Happy Valley Hospital is a community-based facility with 288 acute care beds, a twelve suite family-oriented birthing center, a forty four bed long-term care inpatient facility, and a fourteen bed inpatient rehabilitation unit. Happy Valley has a major competitor, GH, which has two hundred beds, a small cancer center, and a kidney dialysis unit.
Happy Valley’s director of internal medicine, along with the director of nursing for that department, are considering establishing a new hemodialysis service. GH has a small hemodialysis unit, but they do not have enough beds to properly accommodate the needs of this community.
The Happy Valley medical director has surveyed the six nephrologists with staff privileges at the hospital and has determined that all six agree that there is a need for more hemodialysis beds in the community. Moreover, these nephrologists all have staff privileges at both Happy Valley and GH and would prefer that the new beds be added to the GH unit. GH, however, has no plans to expand their unit for at least the next five years, and presently, new patients are being referred to a dialysis unit in another community thirty minutes south of Happy Valley Hospital. Those patients as well as their families find this alternative site and location to be unacceptable.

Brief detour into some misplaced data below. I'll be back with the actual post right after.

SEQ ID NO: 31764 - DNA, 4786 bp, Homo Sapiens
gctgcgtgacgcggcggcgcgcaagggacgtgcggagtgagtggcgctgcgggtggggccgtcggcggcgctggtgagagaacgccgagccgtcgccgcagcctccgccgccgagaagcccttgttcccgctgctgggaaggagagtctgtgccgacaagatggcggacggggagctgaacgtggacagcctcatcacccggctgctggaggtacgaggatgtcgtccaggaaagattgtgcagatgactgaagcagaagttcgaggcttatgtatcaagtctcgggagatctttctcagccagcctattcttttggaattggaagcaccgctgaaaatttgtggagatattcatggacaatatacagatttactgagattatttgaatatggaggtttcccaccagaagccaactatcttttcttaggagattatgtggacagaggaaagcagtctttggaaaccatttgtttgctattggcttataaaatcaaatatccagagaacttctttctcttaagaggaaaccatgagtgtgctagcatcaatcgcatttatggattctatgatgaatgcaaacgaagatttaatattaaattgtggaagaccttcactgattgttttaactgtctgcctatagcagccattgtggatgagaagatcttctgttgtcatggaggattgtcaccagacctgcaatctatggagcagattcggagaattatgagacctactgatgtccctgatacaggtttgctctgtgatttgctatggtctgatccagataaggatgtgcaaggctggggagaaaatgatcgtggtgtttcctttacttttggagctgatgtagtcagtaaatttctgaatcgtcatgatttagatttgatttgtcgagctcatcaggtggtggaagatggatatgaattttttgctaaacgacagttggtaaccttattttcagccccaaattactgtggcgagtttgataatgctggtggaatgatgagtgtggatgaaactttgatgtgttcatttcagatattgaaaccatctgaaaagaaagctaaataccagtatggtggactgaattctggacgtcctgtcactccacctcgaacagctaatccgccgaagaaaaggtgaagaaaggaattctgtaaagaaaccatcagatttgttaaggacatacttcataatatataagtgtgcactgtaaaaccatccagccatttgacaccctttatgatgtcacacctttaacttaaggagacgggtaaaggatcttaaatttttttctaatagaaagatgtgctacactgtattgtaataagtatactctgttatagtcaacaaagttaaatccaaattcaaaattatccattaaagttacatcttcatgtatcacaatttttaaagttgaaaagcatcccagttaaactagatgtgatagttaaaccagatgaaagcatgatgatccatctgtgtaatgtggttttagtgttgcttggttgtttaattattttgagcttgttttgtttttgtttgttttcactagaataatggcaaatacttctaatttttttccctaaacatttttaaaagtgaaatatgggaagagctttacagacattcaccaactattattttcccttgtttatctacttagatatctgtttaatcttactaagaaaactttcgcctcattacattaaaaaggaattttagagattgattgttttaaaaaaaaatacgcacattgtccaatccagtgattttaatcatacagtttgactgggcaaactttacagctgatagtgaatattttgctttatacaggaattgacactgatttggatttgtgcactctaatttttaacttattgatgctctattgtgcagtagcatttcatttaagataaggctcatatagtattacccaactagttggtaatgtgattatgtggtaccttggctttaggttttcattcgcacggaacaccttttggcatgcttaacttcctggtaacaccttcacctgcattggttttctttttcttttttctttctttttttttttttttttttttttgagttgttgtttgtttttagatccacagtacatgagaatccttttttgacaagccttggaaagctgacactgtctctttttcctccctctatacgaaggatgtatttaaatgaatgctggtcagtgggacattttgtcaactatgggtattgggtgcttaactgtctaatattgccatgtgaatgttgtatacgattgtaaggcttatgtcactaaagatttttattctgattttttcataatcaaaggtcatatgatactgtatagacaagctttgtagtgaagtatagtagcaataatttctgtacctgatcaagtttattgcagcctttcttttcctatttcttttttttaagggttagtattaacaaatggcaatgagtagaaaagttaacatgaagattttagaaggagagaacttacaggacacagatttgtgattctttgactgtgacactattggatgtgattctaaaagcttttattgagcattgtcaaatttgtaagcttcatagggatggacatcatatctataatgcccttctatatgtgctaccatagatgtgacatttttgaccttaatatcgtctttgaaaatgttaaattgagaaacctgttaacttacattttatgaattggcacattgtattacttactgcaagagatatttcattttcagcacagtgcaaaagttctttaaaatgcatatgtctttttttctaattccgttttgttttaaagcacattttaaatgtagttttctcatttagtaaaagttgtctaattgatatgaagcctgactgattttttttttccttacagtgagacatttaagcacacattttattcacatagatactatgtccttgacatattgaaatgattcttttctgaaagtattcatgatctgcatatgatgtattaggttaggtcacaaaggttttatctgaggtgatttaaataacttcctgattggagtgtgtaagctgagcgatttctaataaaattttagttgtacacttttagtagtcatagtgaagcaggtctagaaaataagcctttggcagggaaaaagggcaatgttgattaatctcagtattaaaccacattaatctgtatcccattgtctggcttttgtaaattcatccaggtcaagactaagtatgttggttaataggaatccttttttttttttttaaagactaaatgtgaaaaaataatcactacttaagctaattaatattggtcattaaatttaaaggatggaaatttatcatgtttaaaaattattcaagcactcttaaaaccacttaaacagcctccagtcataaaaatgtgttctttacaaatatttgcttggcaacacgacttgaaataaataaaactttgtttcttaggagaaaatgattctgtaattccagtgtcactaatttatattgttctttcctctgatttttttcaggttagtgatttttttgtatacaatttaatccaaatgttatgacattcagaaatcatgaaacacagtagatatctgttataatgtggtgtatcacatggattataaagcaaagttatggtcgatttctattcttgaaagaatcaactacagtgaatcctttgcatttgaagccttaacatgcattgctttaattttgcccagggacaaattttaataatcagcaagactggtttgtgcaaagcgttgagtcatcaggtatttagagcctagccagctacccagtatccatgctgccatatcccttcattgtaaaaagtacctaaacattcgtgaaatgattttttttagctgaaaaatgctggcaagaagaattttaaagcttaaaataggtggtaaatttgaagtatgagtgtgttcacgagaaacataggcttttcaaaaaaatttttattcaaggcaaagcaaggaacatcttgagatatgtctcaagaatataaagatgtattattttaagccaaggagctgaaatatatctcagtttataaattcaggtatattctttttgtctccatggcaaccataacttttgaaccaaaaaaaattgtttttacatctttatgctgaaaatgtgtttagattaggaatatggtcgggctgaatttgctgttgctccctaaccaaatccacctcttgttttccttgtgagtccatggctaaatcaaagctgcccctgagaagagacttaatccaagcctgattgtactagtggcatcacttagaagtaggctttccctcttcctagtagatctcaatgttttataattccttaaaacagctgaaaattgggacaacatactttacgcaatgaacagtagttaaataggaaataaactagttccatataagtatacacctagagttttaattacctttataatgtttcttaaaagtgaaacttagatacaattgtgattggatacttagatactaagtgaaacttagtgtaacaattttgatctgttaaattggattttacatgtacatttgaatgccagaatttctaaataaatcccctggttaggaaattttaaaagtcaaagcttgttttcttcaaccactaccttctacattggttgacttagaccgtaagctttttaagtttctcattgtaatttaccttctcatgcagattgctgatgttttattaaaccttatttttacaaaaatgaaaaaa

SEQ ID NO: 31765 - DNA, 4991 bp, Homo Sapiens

Based on your understanding of the above case, express your views on the following:
- How should the medical director at Happy Valley try to convince patients now being referred to the dialysis unit thirty minutes to the south to switch their care to Happy Valley Hospital?
- What steps should the Happy Valley medical director take to ensure that patients will get the proper care and facilities at the Happy Valley Hospital hemodialysis unit, when it is established?
- Is the approach of GH for not having any expansion plans for the next five years for their unit justified, keeping in mind the interest of the community? Why or why not?